For instance, the stereotypes pointing that Egyptians are mostly uneducated due to their ignorance of the importance of education is proven false by studies of trustworthy sources. Among those studies, the one conducted by the American university in Cairo , Egypt . Al-Ahram weekly, a credible newspaper known all across the Arab world, has posted in its October issue of 1998 the following:
“According to Sahar El-Tawila, the principal researcher on the team, interviews conducted with girls and boys nationwide show conclusively that work and marriage were rarely stated by boys and girls respectively as reasons for leaving school. […] These may be options for those who have already left school, but they are not the impetus behind their decision to leave” (Al-Ahram 1998).
Therefore, according to an American research, Egyptians are not uneducated arrogant nation. After all, there is at least an American University known world wide built in Cairo where many Egyptians have gotten their Bachelors, Masters and PhD’s from. Still, the media has successfully manipulated the public opinion to think of Egyptians as desert wonderers.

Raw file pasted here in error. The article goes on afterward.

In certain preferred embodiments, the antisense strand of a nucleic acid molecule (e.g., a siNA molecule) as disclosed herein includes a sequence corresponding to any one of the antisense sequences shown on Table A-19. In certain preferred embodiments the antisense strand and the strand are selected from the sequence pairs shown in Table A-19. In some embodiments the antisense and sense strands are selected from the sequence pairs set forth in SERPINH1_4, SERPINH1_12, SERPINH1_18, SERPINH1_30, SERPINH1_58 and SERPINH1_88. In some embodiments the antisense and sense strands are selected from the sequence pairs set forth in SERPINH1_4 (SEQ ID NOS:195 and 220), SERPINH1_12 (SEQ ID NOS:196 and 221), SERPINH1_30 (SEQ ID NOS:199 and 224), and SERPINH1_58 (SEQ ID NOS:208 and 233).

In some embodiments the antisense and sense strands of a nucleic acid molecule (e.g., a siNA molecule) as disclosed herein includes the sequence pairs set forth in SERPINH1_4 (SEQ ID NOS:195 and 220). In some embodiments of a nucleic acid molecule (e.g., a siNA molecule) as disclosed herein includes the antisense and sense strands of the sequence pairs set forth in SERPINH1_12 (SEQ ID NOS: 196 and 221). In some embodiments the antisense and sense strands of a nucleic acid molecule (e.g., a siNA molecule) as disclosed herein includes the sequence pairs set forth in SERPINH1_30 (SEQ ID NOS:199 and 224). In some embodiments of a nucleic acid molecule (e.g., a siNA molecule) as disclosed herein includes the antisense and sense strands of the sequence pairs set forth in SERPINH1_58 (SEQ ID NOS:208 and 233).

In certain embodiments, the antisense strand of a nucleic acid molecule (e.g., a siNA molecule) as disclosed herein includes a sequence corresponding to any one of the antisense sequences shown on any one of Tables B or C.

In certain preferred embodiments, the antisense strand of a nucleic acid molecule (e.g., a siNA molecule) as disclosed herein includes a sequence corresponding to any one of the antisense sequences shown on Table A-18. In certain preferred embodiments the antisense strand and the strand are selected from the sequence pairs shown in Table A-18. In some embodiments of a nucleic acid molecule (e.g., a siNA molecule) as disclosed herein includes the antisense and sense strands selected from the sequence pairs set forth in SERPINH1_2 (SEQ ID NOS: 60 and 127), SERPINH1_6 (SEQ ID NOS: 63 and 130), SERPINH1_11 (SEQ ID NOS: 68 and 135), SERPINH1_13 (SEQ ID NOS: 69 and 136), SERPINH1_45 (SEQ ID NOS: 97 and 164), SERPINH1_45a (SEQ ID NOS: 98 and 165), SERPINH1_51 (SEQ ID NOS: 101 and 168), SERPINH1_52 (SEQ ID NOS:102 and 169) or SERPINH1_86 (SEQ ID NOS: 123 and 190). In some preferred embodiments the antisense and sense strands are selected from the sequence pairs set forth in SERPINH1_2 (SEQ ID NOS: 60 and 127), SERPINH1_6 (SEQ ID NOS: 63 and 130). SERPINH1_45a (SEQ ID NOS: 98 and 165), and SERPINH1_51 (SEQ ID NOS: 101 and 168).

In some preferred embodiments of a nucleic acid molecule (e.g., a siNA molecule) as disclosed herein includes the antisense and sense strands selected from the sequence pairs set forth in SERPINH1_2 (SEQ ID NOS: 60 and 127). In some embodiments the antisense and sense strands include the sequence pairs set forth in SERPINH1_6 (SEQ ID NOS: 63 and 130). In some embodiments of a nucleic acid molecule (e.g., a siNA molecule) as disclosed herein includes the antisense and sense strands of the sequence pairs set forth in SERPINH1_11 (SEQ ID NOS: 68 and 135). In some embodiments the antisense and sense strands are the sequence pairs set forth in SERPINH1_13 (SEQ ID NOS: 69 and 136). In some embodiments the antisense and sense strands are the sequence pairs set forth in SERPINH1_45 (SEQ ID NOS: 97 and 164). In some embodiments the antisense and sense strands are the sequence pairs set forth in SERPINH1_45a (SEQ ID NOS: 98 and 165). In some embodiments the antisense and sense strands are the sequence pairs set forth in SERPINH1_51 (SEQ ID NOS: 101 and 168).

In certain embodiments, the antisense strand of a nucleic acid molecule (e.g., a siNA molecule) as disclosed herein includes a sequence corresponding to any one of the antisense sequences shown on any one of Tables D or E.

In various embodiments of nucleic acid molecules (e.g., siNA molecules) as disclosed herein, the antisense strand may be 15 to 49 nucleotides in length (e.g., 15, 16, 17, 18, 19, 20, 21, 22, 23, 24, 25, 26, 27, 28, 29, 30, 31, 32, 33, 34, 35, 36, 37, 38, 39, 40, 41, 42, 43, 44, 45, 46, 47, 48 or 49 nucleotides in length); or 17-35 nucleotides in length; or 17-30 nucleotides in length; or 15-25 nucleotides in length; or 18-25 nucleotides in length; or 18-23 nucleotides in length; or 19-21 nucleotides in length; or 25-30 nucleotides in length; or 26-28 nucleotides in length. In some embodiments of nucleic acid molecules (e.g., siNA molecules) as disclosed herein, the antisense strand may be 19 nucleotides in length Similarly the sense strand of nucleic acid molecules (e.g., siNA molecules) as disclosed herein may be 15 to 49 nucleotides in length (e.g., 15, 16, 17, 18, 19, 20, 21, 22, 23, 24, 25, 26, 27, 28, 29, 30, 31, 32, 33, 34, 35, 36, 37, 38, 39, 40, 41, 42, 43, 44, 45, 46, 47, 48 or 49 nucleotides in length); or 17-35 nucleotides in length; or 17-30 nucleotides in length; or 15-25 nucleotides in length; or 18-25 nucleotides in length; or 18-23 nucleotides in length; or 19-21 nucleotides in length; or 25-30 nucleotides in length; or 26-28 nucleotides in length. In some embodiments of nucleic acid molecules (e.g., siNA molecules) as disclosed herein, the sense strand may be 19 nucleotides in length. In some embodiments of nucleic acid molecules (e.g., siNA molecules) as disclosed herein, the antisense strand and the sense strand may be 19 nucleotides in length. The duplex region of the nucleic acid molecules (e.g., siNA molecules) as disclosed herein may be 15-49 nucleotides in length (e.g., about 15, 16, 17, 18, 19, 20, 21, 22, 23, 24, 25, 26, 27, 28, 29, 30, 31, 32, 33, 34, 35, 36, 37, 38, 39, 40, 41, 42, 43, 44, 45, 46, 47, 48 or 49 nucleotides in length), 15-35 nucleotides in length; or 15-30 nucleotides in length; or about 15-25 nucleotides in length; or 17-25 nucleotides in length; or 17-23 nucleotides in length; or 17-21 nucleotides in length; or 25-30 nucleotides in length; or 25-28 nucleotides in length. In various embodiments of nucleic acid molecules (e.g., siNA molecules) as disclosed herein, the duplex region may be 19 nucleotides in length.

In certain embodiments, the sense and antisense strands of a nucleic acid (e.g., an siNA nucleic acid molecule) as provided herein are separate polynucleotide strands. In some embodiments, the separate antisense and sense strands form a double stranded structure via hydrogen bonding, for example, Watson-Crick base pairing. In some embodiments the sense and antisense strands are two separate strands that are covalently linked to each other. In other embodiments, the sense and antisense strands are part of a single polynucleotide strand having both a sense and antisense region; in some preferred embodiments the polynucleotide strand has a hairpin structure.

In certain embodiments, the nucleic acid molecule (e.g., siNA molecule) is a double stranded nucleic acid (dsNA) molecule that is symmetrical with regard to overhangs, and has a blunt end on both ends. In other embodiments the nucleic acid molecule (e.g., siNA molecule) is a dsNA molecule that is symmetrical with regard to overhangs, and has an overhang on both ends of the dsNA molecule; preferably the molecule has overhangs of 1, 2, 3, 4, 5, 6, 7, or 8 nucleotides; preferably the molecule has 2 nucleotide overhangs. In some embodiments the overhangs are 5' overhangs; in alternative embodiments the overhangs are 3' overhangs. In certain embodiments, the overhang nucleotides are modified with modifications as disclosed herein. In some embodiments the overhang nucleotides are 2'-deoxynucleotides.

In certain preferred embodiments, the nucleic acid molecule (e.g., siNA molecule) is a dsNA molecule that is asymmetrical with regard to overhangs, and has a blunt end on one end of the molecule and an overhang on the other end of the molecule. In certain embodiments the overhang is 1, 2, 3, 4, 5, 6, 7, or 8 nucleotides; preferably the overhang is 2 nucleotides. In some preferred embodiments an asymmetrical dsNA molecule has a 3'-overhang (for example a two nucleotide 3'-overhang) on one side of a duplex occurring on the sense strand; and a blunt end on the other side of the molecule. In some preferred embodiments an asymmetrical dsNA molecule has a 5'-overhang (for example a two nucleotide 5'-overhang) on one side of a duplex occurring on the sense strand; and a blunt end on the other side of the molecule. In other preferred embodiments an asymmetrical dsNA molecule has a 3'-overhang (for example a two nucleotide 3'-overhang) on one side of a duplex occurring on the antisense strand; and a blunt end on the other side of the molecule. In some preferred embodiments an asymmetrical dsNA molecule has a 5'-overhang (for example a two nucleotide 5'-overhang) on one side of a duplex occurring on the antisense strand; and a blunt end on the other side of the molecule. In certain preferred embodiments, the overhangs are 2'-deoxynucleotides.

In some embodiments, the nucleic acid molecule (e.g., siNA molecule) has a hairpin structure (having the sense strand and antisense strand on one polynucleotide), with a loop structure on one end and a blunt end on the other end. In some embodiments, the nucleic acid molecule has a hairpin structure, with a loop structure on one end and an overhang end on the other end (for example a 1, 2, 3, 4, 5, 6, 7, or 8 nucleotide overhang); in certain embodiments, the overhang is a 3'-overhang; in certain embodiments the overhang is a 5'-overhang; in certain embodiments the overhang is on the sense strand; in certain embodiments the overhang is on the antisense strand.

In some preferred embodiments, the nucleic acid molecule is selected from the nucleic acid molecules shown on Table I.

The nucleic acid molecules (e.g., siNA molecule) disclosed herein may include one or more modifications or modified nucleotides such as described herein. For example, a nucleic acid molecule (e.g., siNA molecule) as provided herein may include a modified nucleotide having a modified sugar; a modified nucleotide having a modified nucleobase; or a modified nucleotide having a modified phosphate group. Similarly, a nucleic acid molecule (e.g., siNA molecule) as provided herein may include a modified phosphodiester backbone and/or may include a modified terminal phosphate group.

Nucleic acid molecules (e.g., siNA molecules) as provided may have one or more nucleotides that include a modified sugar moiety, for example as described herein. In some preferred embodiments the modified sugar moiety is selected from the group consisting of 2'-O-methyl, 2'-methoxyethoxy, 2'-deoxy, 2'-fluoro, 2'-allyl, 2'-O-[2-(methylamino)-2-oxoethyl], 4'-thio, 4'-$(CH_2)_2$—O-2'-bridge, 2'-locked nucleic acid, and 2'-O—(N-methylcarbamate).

Now that the first concern, of how such Egyptian-bashing stereotypes work in propaganda, has been discussed, an interesting question then must be asked: how did it come about so successfully for the public of North America to view Egyptians in such mentality? Media being a powerful information source to the majority of North Americans, and sometimes the only source of information about certain ethnic groups, has the power to influence the public beliefs and opinions. Of course using stereotypes powered by propaganda in movies is very successful considering that American films are the most favoured and loved media function. Openly, in one of the movie reviews now on a review website about the movie “The Mummy” which takes place in Egypt from start to end, the following sentence was stated: “The Mummy is a lot of fun. So the story is simplistic and the characters are all stereotypes (particularly the Egyptians, who are either noble desert warriors or smelly illiterate pig-things). Who cares? The special effects are truly spectacular.” (Jennifer Mellerick, 1999). Easily, stereotypes are even accepted by who understands them and the media propaganda generates more and more. To prove that such portrayal is a stereotype and not truth, the website ‘Egypt WWW Index’ has a list of all universities in Egypt (an estimated thirty educational institutions in total), many links to political and governmental committees and services, business, commercial, and entertainment facilities, as well as links to political women figures in the Egyptian society. More than the average North American could even imagine of Egypt , and it is all owed to the media propaganda that produced this image of Egyptians.